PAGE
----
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SFIFF 2014: ‘Dear White People’ a brilliant commentary on the concept of a post-racial society

SFIFF 2014: ‘Dear White People’ a brilliant commentary on the concept of a post-racial society

Dear White People

Written and directed by Justin Simien

USA, 2014

“Dear white people,” croons Samantha White (Tessa Thompson), a biracial media studies major and controversial radio host at the fictional Ivy League school that serves as the backdrop for writer-director Justin Simien’s debut feature Dear White People, “the amount of black friends required to not seem racist has now been raised to two. Sorry, your weed man Tyrone does not count.”

Mere moments after the lights have dimmed, Simien is already delivering on the film’s tagline: A satire about being a black face in a white place. Drawing from his own college experience in the early 2000s and pushed by a desire to confront issues that weren’t being foregrounded in contemporary popular culture, Dear White People is a passion project that’s been years in the making. Yet despite its title and central conflict (a group of white students throwing a blackface party for Halloween), the film is more the unraveling of an identity crisis than didactic racial allegory. Each character in the multi-protagonist narrative is trying to find his or her niche in the school’s environment, with the unfortunate discovery that sometimes it requires a little acting.

Dear White People

Sam makes a name for herself as a volatile force constantly testing the rules of the establishment, retaliating against a curriculum featuring Birth of a Nation and other derivative characterizations of African Americans by making her own D.W. Griffith-style short for class which, instead of Southern aristocracy freaking out over slave uprisings, features white conservatives freaking out over Obama’s reelection. Ex-boyfriend Troy (Brandon P. Bell) maintains an active role in the black student union and house while trying to curry favor with Pastiche, the popular humor magazine staffed by white students under the leadership of the university president’s son. Meanwhile, Coco (Teyonah Parris), a fellow student, tries to leave her lower-class roots behind only to realize that if she wants her video blogs to go viral, she needs to embrace the “ghetto” persona that the Internet loves.

Through the black-and-white filter placed over the prestigious Winchester University (the lone Asian student with a speaking role confesses she joined the black student union because their snacks are better than the Asian equivalent), Dear White People demonstrates why the concept of a post-racial, colorblind society is completely self-delusional. All it takes is a microaggression, like a black girl being asked if her hair is “weaved” or a white girl begging her boyfriend to screw her with his “big black cock.” Simien’s script is full of sharp one-liners that are sure to make viewers cringe while they laugh because, let’s face it, many of us have heard, said, or thought about saying such comments. He isn’t the first writer to throw it back in viewers’ faces, but while others merely toe the line between political correctness and incorrectness for broad comedic purpose, Simien tries to dig deeper.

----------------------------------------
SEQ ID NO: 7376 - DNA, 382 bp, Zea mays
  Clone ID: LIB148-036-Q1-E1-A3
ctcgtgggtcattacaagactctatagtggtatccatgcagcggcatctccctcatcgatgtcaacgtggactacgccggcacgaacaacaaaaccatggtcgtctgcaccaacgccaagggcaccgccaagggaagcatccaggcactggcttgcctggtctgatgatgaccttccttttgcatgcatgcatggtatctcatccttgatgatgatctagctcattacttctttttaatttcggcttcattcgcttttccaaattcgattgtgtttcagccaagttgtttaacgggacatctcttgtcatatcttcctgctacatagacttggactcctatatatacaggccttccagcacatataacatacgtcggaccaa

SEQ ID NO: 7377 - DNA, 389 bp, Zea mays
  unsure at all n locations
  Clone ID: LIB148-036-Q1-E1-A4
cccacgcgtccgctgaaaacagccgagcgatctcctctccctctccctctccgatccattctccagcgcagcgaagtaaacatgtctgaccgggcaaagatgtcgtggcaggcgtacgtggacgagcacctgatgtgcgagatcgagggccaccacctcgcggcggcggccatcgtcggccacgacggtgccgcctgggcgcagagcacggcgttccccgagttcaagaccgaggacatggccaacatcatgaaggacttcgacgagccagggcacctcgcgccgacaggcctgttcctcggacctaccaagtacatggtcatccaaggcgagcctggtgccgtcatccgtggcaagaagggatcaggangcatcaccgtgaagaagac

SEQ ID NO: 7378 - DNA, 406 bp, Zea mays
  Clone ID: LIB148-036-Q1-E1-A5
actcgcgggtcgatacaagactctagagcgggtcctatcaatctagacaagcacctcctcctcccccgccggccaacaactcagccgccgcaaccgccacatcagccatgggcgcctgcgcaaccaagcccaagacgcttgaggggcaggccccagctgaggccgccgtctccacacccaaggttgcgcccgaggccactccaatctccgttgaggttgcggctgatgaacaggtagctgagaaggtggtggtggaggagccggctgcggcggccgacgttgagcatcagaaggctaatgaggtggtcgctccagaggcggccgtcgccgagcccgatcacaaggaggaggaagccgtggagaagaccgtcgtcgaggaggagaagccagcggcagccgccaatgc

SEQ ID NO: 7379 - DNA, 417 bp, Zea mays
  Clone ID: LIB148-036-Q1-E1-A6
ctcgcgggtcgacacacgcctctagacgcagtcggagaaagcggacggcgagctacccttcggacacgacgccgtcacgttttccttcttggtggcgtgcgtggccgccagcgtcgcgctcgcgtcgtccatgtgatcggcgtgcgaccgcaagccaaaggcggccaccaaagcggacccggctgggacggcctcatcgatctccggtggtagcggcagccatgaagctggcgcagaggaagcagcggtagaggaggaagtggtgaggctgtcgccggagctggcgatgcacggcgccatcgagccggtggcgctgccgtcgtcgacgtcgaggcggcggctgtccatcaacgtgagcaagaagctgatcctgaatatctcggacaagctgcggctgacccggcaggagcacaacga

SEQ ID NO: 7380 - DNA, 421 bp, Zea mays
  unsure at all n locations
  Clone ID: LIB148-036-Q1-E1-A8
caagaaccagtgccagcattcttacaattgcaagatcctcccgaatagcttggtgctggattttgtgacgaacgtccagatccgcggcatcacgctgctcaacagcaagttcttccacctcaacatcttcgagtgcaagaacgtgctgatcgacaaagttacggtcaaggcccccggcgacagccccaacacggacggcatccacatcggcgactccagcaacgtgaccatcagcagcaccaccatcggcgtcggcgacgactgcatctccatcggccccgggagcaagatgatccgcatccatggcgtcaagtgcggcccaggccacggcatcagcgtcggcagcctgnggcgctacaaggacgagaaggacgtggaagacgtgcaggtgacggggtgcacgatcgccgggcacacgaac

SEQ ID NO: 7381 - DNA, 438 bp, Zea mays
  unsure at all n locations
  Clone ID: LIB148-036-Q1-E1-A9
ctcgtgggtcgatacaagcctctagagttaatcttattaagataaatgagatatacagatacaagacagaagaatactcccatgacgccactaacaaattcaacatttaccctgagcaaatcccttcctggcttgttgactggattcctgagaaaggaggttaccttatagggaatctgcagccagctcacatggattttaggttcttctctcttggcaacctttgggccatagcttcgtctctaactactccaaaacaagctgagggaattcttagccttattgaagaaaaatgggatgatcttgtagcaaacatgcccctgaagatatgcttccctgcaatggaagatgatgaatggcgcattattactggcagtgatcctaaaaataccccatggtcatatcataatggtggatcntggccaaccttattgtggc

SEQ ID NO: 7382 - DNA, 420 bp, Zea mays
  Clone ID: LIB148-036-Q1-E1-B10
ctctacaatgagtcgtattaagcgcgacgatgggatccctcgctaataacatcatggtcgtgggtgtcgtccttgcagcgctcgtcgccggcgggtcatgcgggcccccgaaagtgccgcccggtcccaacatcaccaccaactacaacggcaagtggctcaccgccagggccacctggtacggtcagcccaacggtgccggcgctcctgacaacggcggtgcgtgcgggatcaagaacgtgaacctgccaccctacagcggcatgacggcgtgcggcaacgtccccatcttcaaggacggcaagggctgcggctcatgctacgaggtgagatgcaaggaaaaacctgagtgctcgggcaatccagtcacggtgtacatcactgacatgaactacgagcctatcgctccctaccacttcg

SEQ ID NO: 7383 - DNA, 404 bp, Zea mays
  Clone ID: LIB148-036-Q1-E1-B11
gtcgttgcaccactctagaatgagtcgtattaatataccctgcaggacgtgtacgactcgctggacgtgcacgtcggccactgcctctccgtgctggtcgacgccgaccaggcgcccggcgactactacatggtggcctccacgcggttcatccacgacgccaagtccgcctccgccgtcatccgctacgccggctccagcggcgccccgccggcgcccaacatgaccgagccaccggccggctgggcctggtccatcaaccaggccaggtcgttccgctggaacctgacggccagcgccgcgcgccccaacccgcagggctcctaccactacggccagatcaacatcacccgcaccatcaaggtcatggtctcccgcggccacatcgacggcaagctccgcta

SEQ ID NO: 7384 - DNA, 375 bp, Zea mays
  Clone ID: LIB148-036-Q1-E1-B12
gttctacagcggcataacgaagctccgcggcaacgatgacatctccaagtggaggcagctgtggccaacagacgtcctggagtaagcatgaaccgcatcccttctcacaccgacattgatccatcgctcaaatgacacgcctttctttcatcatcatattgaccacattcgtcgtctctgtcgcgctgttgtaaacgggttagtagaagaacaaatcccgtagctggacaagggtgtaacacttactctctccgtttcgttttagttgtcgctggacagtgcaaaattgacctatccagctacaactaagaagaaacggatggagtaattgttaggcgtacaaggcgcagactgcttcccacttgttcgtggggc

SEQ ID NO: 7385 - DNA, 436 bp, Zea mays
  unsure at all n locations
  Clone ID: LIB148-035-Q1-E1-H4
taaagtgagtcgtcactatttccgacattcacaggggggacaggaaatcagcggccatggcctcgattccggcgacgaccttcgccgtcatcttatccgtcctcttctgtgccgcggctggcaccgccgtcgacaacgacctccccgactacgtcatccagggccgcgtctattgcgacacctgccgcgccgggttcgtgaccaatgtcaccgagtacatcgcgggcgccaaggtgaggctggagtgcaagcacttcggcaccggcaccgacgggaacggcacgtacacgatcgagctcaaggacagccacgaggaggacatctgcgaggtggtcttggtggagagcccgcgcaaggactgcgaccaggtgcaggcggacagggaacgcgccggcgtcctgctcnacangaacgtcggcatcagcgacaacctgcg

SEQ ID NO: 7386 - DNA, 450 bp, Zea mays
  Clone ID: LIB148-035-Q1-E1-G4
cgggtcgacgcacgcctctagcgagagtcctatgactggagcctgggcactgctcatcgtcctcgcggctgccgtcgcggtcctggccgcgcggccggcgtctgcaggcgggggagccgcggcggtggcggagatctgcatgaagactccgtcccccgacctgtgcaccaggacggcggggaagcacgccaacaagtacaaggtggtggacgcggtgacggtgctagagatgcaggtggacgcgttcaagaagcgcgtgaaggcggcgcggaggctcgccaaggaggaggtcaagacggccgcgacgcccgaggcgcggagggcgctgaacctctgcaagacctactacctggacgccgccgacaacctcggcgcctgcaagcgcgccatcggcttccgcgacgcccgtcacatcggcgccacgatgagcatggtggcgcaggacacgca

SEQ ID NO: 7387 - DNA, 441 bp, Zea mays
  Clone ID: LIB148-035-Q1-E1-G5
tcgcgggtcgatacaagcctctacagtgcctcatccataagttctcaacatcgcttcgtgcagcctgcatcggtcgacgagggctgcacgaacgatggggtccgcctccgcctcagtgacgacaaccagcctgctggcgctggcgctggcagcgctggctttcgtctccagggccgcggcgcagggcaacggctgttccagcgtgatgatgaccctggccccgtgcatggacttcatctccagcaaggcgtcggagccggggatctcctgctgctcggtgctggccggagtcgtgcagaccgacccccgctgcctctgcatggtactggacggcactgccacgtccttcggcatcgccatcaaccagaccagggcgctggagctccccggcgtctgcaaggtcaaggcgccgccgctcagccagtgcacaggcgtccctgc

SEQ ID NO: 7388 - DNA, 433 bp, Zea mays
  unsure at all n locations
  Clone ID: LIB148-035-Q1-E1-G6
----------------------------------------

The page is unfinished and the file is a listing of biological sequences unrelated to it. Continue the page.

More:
During the post-screening Q&A, Simien confessed that he originally thought about cutting the blackface party from the story because he thought audiences might find it too outlandish. But then he did his research and, to his horror, found that such events on college campuses are all too common. From UCSD and the University of Arizona to Dartmouth, white students across the nation have been exercising their right to free speech in questionable, racially motivated ways.

“Which came first, the chicken or the blackface party?” joked the director, noting that these themed parties have probably been going on for years, but have only recently gained attention thanks to the rise of social media. (Revenge is exacted by strategically placing photos from real parties in the ending credits.)

The paradox of higher learning institutions, in the film as in real life, is that despite being widely held as erudite bastions of the liberal arts, they seem to be failing our generation in critical ways if their students believe objectifying and stereotyping ethnic groups is acceptable. Did it make the cast uncomfortable?

“Those poor, poor white extras,” lamented Simien in reference to shooting the big party scene in Minnesota, where the actors were asked to do things they’d been taught were wrong.

Despite getting picked up after a well-received debut at Sundance, so far, all that can be seen online of Dear White People is the original concept trailer which, although it bears a strong resemblance to the final cut, is nowhere near as polished. Regardless, the clip has attracted a bevy of comments.

“The point of art is to hold up a mirror,” said Simien, “Some people aren’t ready to look at the reflection, and that’s okay.” If the white supremacist-heavy backlash against the infamous Coca-Cola ad celebrating our nation’s diversity that aired during the Super Bowl earlier this year is anything to gauge against, then, yes, many people aren’t ready for such self-scrutiny.

The film has an episodic, sometimes frenetic feel to it, but multi-protagonist stories are difficult to execute, let alone pull off. Here, it works because Simien wants to provide a full-spectrum perspective. Dear White People strives to be everywhere and do everything at once, and for those who can keep up, it’s a brilliant commentary on the problems with how we define our peers and ourselves.

— Misa Shikuma